An astounding 68 per cent of Indians--the second largest after the US (74)--will prefer the tried and tested internal combustion engine-powered vehicles as their next purchase. Interestingly, among the remaining 32 per cent who are open to buying an alternative fuel vehicle, a staggering 24 per cent prefer a hybrid as their next vehicle while only 4 per cent prefer a pure EV, according to a recent global survey conducted by Deloitte. This is the second-lowest, after the US, where only 16 per cent prefer EVs.
The trend comes as a stark contrast for a market like India, where EVs and not hybrids are getting the subsidy push from the policymakers under the Faster Adoption and Manufacturing of Hybrid and Electric Vehicles
(FAME) scheme. The scheme aims to make EVs more affordable by way of subsidies, improve India’s charging infrastructure for EVs and support the electrification of public transport. It also aims to reduce vehicle emissions and dependence on fossil fuels in a country home to the world's most polluted cities.
According to Rajeev Singh, Partner and Leader—Automotive at Deloitte Touche Tohmatsu India, hybrids can be a good stepping stone, an “excellent bridge” till India transitions to EVs fully. “Close to 26 per cent of Indians surveyed cited the lack of charging infrastructure as the biggest impediment in faster adoption of EVs. As this is something that cannot be created overnight and will take 5 to 6 years, the hybrid can be a good solution for the interim period till the infrastructure is created.”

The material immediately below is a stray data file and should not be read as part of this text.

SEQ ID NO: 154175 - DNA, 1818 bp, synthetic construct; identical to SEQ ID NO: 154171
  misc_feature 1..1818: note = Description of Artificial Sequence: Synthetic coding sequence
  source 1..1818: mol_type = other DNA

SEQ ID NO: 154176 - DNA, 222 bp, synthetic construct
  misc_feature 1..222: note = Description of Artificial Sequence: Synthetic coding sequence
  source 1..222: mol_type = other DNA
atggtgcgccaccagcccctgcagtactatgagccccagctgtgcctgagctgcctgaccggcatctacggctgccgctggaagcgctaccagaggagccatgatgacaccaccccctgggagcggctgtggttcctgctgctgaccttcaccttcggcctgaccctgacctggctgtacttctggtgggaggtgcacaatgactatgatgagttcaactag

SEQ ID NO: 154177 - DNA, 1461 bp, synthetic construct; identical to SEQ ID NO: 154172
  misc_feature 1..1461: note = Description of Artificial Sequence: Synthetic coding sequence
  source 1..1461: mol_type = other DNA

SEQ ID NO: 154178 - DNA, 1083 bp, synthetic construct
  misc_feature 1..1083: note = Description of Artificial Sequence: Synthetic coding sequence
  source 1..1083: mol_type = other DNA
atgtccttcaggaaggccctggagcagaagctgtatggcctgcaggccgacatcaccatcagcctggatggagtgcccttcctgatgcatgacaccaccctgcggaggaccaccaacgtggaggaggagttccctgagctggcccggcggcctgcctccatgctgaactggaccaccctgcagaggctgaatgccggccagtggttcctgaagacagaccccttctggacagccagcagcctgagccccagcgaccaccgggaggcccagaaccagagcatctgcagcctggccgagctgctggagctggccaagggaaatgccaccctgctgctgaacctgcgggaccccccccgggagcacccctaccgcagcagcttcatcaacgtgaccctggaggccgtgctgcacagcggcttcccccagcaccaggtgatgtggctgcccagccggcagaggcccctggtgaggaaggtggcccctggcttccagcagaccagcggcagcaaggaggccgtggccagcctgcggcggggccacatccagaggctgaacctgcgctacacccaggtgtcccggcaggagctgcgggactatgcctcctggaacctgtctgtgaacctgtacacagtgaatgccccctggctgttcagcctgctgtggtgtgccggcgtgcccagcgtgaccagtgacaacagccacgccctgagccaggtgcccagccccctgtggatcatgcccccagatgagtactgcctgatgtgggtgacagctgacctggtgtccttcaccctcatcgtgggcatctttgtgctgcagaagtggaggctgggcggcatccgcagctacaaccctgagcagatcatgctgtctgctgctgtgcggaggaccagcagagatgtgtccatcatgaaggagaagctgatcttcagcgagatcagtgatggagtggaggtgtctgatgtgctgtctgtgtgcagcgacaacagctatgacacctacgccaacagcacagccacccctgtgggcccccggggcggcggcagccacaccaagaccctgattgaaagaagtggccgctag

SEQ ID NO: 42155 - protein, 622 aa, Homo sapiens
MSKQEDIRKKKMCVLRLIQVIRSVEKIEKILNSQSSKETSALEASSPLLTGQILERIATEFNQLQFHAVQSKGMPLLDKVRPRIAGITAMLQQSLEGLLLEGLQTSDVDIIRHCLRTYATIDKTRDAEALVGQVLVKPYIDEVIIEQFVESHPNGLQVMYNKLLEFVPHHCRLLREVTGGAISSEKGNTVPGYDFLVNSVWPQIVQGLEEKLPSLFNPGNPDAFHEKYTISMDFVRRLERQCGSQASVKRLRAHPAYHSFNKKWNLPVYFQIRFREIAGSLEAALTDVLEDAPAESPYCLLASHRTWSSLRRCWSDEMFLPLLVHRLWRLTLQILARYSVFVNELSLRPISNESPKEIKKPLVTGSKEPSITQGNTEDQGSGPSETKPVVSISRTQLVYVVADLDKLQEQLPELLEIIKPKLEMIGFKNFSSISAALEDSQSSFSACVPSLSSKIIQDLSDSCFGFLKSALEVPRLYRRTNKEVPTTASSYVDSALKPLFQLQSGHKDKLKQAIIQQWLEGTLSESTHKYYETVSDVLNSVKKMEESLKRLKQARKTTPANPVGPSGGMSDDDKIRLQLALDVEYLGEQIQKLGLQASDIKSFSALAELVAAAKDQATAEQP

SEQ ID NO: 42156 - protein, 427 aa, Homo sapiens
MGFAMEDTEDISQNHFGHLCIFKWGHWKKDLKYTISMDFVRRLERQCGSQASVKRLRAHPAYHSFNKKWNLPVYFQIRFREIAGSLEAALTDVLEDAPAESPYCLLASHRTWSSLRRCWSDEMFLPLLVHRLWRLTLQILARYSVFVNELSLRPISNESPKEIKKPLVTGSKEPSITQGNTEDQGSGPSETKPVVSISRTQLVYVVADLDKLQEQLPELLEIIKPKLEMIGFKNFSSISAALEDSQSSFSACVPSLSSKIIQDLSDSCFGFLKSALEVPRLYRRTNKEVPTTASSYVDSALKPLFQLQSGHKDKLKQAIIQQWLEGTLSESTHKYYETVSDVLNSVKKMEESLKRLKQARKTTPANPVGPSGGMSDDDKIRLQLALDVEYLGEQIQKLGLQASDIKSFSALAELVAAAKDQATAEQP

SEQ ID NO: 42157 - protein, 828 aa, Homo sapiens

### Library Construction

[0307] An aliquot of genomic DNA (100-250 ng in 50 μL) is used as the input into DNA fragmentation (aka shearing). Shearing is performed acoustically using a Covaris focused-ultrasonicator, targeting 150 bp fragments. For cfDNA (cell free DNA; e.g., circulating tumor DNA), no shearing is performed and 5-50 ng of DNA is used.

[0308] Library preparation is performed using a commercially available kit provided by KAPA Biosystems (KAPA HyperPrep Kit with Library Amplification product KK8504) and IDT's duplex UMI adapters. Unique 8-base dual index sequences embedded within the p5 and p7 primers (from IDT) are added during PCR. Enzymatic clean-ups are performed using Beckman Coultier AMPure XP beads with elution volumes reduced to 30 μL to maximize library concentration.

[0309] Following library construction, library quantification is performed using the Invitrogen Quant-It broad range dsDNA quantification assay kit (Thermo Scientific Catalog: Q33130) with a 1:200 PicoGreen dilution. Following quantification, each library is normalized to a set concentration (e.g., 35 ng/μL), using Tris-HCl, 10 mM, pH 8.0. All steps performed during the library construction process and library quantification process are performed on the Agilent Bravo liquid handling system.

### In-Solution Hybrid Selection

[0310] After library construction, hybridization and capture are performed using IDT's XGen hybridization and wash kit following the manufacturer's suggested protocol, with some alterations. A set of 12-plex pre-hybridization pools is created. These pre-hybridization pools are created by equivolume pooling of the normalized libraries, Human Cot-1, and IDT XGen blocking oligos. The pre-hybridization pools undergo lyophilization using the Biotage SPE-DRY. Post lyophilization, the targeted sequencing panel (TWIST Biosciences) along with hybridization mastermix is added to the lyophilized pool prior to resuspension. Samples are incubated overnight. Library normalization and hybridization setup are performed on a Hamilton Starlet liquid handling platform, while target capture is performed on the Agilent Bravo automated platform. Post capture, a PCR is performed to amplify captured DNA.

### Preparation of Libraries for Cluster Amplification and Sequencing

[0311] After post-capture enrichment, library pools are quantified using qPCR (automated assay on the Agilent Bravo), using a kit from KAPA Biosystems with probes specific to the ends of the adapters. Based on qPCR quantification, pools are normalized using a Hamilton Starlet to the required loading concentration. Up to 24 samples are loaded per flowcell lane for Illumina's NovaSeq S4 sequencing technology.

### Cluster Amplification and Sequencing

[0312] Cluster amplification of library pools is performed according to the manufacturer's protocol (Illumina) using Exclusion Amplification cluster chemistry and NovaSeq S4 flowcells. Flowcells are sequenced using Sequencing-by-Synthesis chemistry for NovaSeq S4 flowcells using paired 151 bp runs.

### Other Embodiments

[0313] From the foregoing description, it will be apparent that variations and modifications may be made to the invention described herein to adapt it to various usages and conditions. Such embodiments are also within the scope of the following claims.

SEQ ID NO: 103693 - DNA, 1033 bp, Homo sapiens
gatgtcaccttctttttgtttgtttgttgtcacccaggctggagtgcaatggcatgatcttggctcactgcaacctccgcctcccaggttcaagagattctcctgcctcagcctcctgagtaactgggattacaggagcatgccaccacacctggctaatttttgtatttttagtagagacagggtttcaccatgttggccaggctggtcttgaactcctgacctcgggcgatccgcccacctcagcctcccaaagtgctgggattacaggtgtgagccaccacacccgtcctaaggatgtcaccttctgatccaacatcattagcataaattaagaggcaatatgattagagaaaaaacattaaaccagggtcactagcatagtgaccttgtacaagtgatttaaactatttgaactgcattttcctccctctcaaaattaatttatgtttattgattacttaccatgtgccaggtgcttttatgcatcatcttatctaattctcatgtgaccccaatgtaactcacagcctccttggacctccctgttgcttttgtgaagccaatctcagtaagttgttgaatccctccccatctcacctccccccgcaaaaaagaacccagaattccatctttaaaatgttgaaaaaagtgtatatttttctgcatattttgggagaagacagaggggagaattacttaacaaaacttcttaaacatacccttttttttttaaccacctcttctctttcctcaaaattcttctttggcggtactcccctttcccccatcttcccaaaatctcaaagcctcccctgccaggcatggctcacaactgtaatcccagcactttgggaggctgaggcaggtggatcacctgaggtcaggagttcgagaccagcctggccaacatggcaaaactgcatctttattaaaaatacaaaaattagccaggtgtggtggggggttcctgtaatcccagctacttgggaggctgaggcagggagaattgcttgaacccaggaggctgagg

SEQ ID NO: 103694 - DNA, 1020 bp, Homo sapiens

To be sure, an exorbitant price that comes on the back of high import duties and lack of subsidies have made hybrids a non-starter in India. Japanese carmakers including Honda, Toyota and Suzuki have been lobbying with the government for a favourable policy push to hybrids under FAME
but after some benefits were announced in the first phase of the scheme it was discontinued.
According to Singh, a requisite policy push with a specific mention of the hybrid category --full or mild that are eligible for the scheme will ensure that it’s not left open to interpretation and taken undue advantage of. A well-rounded policy will help in localization, cost reduction, and faster adoption of hybrids. The technology is a win-win for all the stakeholders- for customers as it reduces range anxiety, for manufacturers as it allows them to make a smooth transition and for policymakers as it gives them time to create charging infrastructure.
The technology is a win-win for all the stakeholders- for customers as it reduces range anxiety, for industry as it allows them to build right products, localize & create charging infrastructure and for policymakers to make a smooth transition to ZEV's meeting our overall goals of reducing pollution & reducing dependency on imported oil.